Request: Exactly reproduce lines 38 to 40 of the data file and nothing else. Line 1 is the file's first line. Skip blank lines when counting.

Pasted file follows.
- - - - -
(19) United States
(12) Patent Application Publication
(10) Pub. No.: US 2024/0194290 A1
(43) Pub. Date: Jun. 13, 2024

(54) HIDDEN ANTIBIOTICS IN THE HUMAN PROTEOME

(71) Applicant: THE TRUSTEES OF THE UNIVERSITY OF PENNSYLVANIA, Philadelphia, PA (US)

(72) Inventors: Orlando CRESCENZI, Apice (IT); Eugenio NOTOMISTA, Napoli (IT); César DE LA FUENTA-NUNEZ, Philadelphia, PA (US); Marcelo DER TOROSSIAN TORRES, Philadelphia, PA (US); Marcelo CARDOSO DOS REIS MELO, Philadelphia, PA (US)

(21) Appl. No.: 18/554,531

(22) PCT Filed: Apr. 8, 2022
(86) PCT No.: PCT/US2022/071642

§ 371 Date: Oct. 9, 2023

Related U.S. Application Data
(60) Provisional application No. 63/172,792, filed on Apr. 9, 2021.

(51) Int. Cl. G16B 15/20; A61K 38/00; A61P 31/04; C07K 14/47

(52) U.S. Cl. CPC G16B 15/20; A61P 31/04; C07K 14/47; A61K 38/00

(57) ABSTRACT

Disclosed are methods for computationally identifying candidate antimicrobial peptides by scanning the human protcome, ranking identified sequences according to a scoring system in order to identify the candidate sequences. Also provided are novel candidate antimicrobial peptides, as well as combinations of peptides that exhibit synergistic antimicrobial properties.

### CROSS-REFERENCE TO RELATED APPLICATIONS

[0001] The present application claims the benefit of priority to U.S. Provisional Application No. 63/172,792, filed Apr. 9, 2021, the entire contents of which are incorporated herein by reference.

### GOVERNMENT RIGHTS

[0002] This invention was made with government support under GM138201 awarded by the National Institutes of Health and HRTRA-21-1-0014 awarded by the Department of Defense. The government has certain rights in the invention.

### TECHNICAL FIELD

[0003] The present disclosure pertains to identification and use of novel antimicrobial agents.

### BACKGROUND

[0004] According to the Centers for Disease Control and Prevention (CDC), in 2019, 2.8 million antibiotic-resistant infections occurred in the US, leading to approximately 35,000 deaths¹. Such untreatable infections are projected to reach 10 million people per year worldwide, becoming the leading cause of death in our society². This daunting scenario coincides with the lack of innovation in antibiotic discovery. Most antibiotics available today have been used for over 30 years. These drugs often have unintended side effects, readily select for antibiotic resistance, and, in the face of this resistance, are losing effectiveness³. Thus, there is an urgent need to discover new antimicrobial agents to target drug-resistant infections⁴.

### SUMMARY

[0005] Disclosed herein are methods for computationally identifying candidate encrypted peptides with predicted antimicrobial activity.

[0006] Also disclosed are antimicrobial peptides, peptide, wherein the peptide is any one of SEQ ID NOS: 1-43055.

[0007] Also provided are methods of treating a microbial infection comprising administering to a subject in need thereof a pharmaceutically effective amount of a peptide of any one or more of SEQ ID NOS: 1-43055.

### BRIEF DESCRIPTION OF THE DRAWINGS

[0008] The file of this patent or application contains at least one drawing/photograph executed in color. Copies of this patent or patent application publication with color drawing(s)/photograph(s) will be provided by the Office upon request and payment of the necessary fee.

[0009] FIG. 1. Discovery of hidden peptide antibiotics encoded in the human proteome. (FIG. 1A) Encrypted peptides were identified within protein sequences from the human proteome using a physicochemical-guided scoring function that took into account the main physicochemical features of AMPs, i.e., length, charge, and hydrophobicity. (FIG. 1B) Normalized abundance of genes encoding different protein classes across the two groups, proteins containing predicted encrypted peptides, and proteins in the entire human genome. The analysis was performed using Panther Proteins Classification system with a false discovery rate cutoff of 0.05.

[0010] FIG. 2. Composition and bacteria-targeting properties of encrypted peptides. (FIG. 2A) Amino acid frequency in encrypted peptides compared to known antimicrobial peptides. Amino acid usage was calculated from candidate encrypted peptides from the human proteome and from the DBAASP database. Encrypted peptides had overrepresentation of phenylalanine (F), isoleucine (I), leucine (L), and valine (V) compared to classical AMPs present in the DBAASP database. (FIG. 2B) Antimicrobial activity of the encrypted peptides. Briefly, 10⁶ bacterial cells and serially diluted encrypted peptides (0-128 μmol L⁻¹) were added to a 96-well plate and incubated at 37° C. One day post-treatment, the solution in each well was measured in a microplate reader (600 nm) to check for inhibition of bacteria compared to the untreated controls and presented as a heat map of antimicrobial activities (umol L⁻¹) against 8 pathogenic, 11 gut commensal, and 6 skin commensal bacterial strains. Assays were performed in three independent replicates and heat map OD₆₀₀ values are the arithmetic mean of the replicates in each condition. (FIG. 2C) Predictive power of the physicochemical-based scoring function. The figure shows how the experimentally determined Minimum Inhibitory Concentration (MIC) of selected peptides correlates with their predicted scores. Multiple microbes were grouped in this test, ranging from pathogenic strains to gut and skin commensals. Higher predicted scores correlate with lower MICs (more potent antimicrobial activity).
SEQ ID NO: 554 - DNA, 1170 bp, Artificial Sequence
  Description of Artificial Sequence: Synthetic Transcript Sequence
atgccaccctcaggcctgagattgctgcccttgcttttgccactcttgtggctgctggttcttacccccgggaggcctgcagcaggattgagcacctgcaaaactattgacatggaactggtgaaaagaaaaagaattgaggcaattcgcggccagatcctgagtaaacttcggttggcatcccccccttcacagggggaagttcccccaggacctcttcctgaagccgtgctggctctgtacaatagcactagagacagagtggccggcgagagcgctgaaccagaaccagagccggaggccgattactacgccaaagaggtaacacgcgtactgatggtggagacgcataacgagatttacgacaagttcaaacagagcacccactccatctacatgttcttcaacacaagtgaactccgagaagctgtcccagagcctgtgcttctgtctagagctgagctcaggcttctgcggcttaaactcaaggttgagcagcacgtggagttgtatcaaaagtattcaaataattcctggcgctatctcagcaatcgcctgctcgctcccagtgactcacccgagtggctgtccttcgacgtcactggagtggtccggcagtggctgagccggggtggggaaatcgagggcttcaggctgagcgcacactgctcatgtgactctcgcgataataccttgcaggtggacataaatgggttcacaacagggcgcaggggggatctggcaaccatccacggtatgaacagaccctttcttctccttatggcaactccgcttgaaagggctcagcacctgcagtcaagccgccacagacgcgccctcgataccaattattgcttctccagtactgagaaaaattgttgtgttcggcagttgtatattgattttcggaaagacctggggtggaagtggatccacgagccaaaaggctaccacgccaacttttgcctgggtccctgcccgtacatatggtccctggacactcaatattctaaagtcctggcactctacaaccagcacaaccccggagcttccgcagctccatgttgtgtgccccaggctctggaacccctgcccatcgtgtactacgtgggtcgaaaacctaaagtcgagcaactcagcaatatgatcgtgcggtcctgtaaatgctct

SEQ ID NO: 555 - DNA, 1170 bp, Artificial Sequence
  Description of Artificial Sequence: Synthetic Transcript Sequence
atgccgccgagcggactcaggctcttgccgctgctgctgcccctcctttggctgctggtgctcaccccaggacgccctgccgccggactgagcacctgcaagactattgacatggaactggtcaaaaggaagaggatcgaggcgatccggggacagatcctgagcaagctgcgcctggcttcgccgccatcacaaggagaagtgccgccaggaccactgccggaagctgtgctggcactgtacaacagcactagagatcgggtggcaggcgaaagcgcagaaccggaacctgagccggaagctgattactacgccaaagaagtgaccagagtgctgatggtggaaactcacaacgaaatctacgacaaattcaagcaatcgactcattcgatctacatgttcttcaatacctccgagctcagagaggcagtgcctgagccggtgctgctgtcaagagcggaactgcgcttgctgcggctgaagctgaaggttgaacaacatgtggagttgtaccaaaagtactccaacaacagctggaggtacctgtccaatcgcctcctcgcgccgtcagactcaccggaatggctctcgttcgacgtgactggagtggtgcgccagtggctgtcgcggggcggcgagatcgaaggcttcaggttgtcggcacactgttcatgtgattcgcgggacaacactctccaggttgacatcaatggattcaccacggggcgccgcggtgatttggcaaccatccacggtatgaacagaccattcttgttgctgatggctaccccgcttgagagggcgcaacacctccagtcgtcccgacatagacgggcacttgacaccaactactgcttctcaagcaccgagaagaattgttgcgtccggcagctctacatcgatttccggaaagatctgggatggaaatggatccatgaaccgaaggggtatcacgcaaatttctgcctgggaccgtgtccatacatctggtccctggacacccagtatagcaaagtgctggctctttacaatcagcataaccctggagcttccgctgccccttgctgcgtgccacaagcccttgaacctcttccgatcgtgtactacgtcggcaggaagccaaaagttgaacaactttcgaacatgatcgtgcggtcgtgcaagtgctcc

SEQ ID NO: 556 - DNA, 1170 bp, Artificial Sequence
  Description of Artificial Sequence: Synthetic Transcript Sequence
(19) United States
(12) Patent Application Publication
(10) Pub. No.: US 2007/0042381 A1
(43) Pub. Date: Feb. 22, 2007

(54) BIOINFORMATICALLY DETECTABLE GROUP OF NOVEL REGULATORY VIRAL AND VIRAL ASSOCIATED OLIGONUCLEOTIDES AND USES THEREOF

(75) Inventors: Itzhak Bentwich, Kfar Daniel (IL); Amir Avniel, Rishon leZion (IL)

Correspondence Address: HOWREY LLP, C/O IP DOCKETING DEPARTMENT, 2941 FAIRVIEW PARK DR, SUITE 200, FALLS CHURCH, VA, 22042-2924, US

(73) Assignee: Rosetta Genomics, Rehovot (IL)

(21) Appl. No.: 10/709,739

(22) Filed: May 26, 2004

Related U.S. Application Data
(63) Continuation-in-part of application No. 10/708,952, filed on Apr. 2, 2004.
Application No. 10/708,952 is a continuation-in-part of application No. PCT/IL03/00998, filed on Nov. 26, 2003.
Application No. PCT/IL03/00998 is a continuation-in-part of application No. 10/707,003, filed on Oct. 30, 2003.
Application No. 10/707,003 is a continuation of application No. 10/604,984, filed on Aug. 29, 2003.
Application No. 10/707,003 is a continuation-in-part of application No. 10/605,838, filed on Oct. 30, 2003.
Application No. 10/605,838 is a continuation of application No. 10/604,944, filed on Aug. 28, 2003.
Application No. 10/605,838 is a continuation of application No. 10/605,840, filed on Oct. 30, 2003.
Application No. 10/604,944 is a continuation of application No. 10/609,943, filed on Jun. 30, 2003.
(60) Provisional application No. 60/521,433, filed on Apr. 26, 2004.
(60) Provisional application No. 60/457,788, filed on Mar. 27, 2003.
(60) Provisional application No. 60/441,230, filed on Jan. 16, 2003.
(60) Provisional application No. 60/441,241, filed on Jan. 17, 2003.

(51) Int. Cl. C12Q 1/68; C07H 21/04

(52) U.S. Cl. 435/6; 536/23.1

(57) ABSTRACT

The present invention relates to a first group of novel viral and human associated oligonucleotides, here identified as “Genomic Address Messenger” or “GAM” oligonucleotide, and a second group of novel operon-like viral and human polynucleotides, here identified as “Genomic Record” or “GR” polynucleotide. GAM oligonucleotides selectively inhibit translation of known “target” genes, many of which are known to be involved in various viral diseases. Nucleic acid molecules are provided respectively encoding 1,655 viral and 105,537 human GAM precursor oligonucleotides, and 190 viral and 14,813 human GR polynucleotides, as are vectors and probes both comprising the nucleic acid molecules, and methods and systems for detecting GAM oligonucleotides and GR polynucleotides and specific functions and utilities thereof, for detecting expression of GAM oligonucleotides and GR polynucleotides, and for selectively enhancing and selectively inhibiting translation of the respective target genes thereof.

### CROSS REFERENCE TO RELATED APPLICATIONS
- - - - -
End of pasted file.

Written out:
  Description of Artificial Sequence: Synthetic Transcript Sequence
atgccgccgagcggactcaggctcttgccgctgctgctgcccctcctttggctgctggtgctcaccccaggacgccctgccgccggactgagcacctgcaagactattgacatggaactggtcaaaaggaagaggatcgaggcgatccggggacagatcctgagcaagctgcgcctggcttcgccgccatcacaaggagaagtgccgccaggaccactgccggaagctgtgctggcactgtacaacagcactagagatcgggtggcaggcgaaagcgcagaaccggaacctgagccggaagctgattactacgccaaagaagtgaccagagtgctgatggtggaaactcacaacgaaatctacgacaaattcaagcaatcgactcattcgatctacatgttcttcaatacctccgagctcagagaggcagtgcctgagccggtgctgctgtcaagagcggaactgcgcttgctgcggctgaagctgaaggttgaacaacatgtggagttgtaccaaaagtactccaacaacagctggaggtacctgtccaatcgcctcctcgcgccgtcagactcaccggaatggctctcgttcgacgtgactggagtggtgcgccagtggctgtcgcggggcggcgagatcgaaggcttcaggttgtcggcacactgttcatgtgattcgcgggacaacactctccaggttgacatcaatggattcaccacggggcgccgcggtgatttggcaaccatccacggtatgaacagaccattcttgttgctgatggctaccccgcttgagagggcgcaacacctccagtcgtcccgacatagacgggcacttgacaccaactactgcttctcaagcaccgagaagaattgttgcgtccggcagctctacatcgatttccggaaagatctgggatggaaatggatccatgaaccgaaggggtatcacgcaaatttctgcctgggaccgtgtccatacatctggtccctggacacccagtatagcaaagtgctggctctttacaatcagcataaccctggagcttccgctgccccttgctgcgtgccacaagcccttgaacctcttccgatcgtgtactacgtcggcaggaagccaaaagttgaacaactttcgaacatgatcgtgcggtcgtgcaagtgctcc

SEQ ID NO: 556 - DNA, 1170 bp, Artificial Sequence